Two more experiences I must mention briefly because they supply the definitive expression of one’s unfathomable love for one’s country and heritage, and nothing can be described better as being faithful to historical truth. You remember I spoke of dances even older than the circle, as man looked for good fortune in the hunt? These two examples, different and yet the same, were an expression of the single dancer’s very soul. On the deck of a ship taking us from Italy to Greece, I had the unique experience of seeing a dancer pouring out his long pent-up emotions. I suppose he had not seen his beloved homeland for a long, long time. At the first light of dawn, as the first black silhouette of land, Greek land, came into sight, the man turned on a tape recorder, obviously his proudest possession, and began to dance. He was totally unaware that he was being watched, otherwise, I suppose the magic would have been broken. No, I should not describe this as ‘magic’ because it was more, much more than that – it was a religious experience. His emotions flowed from his body, as the tears ran down his cheeks. He danced for himself and for his Mother Goddess who had returned him to his home at last. Was this not Odyseos, his very self? With tears in my eyes too, I withdrew and left him to his prayers. How else could one describe this as other than faithfulness to historical truth? This solo dance harked back to ancient times indeed, even to before the circle dance. The other occasion was emotional also: Several years had elapsed before I returned to one of the Greek islands. My friend ran the local taverna. As soon as he saw me he ran to the juke box and as the music started to play he handed me one end of the handkerchief, and, grasping hold of the other end, he began to dance. There could not have been a better way to express his happiness in seeing me again than in the dance. This was another occasion for tears of joy. This was ‘truth’ if ever there was one.

The last occasion I will tell you about was another emotional time when joy and sadness were equally mixed. During and after the Second World War a great many refugees came to the city where I lived in England. They represented many nationalities, but the greatest number of them came from Poland. After the war, not wishing to return to live under a communist regime, they stayed on in England. They were still there in 1962 when a Polish Folk-Dance Company came to perform. It was a subliminal experience to feel the power that music and dance could give. For this is what traditional dance (folk dance) is all about. There were more Poles than English in that audience. The raw emotions broke before even one dance step had been taken. The orchestra played the OLD national anthem not the new. The audience stood and burst into song – only a Welsh crowd at a rugby match could have expressed such emotions. Tears poured down everybody’s cheeks and the mood was set. And then, the unforgettable: at the end of the first dance, beautifully performed, in gorgeous costumes, and to the music of traditional instruments, there was total silence! You could have heard a pin drop. And then, all at once, came deafening applause which went on and on. How the audience could see the dancing through their tears I do not know. Eventually the dancers were able to complete their programme, but that was not the end as far as the audience was concerned; the encores and applause went on for an hour after the final curtain had dropped. Would you like me to say that this was ‘novelty’? No, this was the ultimate expression of nationhood through music and dance.

Sadly, I must now show you the other side of the coin, to countries which have not been allowed, for political ends, to preserve their ethnographic arts in all their purity, where novelty is ‘king’. I must stress before I seek to describe them, that this only applies to a few countries which were left behind ‘the Iron Curtain’ and not to them all. But now we are in the realm of folk dance which is no longer faithful to historical truth, but which is presented as such. Many communist governments after the war used various means to seek to impress the West that their system was best, and to encourage people to aspire to similar ends through various means: life under the Red Banner was everybody’s dream of happiness! They used such occasions as the Olympic Games to show their superiority to the West (especially America). Their athletes, gymnasts, swimmers and ice hockey players were there to win gold medals, lots of them. But the contest was uneven. These athletes did not have to earn a living (if they were old enough); they were given ‘jobs’ in factories, but in fact all they did all day and every day was train for international competition and medals. Why am I telling you all this? Because these same governments used the ethnographic arts in the same way, as propaganda tools in the cause of international communism. In some countries, I do not think you need me to tell you which ones, music and dance became ever more breathtaking, brilliant. Music required the musicians to be virtuosi on their instruments, as they accompanied the dancers whose steps were so fast and intricate that only someone trained for a long time in dance school could hope to cope with them. Costumes became ever more scintillating as the girls’ skirts became ever shorter. And above all, they all looked so deliriously happy, with huge smiles frozen across their faces. There were those groups which excelled in feats of brilliance: fast turns on the spot or round the stage, jumping back and forth over a stick or handkerchief gripped in both hands etc. etc. They were highly trained athletes (I will not say dancers). No villager could have, nor have wished, to emulate such ‘professionalism’. Audiences loved it! I hated it, for here was the ultimate spectacle of ‘novelty’ and to hell with ‘historical truth’.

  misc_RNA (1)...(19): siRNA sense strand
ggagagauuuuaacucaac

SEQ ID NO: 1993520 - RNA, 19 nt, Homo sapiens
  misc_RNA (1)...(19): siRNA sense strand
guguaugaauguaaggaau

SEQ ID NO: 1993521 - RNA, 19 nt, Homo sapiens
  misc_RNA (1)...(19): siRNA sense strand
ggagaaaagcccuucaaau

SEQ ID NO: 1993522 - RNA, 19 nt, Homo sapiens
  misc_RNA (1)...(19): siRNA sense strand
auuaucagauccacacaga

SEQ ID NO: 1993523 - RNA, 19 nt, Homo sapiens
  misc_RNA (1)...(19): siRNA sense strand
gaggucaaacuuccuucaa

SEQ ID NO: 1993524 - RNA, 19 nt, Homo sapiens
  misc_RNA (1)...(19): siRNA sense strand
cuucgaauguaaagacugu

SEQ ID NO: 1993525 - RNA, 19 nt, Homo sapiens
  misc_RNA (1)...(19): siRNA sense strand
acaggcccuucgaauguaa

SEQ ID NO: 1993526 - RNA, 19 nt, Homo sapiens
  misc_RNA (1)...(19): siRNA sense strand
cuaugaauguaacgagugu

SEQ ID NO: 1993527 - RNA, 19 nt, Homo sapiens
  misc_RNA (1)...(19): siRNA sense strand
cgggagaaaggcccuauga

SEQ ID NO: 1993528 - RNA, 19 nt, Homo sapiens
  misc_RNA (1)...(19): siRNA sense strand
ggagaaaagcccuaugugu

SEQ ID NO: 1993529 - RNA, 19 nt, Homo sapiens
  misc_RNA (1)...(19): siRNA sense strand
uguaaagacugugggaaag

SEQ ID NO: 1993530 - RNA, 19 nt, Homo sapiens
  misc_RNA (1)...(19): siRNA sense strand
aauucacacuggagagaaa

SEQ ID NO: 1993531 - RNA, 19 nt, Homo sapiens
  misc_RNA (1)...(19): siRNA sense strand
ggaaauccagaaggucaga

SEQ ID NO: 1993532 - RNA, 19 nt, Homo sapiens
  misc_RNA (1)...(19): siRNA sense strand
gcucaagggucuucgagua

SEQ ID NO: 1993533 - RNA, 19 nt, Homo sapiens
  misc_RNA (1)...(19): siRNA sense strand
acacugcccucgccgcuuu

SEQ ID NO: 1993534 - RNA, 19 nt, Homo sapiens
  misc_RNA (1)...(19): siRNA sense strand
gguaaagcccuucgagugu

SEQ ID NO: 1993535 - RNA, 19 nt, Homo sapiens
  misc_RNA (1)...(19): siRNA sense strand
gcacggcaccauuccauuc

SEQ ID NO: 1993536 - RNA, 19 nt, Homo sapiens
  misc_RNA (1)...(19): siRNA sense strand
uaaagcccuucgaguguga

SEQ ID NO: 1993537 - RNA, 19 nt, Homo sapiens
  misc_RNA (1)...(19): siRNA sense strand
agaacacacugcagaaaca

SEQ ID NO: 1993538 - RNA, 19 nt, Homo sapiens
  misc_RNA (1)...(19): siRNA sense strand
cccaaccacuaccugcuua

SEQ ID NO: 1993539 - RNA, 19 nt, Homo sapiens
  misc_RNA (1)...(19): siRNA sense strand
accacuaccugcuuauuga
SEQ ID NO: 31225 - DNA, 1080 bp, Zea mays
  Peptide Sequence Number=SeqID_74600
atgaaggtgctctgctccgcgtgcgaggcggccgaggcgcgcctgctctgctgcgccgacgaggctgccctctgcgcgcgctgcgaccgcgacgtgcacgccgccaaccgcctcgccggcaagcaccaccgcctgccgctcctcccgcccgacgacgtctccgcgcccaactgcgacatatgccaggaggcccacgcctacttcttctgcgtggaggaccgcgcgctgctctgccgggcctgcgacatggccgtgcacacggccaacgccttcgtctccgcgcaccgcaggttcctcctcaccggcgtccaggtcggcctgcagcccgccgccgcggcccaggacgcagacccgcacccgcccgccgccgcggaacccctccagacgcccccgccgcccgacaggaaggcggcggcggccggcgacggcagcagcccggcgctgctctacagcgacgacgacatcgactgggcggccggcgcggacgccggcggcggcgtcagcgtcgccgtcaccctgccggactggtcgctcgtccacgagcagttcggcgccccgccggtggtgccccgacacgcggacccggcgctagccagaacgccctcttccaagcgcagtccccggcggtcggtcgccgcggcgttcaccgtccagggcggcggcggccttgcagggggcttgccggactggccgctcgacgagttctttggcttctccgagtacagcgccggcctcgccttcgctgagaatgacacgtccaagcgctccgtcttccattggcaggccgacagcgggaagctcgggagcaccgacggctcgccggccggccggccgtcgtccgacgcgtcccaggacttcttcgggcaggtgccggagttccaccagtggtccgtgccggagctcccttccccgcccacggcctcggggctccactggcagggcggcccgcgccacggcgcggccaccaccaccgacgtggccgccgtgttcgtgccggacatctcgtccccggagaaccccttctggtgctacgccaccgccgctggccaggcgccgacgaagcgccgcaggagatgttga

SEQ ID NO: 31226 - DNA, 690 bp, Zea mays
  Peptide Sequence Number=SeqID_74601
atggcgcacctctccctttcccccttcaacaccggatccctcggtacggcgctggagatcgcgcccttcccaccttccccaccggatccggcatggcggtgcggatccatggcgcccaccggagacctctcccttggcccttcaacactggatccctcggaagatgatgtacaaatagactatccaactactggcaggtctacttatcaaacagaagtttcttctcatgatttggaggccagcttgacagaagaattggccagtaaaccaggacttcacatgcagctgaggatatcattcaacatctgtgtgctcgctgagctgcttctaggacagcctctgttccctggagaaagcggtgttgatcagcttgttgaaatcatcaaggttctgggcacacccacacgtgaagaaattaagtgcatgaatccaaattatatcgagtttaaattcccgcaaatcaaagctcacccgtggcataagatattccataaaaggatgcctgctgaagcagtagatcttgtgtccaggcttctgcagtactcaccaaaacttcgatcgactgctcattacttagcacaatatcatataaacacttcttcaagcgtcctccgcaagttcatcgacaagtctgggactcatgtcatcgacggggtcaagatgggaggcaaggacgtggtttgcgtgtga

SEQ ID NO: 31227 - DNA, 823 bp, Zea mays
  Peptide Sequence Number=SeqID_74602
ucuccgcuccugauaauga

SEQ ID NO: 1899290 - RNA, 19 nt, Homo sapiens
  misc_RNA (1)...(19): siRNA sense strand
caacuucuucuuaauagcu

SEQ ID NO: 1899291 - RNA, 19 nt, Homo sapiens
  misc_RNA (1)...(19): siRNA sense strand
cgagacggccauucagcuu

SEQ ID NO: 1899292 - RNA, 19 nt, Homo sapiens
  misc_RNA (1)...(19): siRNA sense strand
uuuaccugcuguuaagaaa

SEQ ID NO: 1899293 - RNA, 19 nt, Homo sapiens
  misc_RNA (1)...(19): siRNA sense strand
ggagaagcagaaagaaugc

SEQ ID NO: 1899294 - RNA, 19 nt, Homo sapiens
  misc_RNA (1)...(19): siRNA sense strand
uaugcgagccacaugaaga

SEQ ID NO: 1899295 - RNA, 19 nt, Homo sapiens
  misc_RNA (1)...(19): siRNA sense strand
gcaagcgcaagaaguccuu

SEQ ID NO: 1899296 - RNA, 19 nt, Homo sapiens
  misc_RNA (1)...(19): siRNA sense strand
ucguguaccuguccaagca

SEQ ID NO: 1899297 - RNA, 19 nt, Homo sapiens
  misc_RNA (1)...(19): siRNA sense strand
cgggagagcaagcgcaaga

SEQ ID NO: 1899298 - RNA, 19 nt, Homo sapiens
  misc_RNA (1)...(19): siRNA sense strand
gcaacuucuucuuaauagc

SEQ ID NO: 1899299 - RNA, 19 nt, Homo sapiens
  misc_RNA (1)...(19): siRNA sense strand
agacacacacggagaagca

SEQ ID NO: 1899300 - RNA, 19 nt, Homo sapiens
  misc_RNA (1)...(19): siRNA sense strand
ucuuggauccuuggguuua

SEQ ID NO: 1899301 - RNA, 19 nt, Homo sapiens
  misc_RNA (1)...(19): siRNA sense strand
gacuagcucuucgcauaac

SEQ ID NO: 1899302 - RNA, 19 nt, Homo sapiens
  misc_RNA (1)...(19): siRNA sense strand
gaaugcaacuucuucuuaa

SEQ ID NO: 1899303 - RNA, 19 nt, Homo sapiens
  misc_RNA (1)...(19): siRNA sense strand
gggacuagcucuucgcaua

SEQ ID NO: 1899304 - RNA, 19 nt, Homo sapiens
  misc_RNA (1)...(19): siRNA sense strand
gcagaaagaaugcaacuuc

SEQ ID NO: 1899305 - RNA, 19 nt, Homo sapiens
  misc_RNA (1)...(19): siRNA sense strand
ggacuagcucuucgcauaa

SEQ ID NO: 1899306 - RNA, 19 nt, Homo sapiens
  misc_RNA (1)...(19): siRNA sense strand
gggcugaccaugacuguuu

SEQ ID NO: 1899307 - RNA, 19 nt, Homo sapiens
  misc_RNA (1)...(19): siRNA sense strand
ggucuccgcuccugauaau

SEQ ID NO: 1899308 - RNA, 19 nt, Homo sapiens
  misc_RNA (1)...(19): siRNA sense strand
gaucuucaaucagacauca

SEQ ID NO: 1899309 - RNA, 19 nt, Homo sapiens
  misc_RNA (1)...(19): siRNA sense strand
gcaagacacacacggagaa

I have already stressed that this criticism applies only to certain countries; many, even most, have preserved their ethnographic arts intact, but see for yourselves! Go to any international folk dance festival and decide for yourselves if what you are seeing is ‘truthful’ or not!

Finally, let me just say that folk dancing for me is ‘folk’, village folk, dancing for their own amusement. They are not, nor have they ever been, trained or schooled to dance. They have all learned to dance by watching, as children, the adults dancing, until they could pass on their knowledge to succeeding generations. Dancing, music and language are the three greatest expressions of man’s ethos, one’s very being. They are to be protected and cherished as we wish to cherish our identity. These things have been bequeathed to us by the Great Mother Goddess herself, and we must not fail her. Let us turn away from ‘novelty’ and remain faithful to historical novelty.

Nigel Allenby Jaffe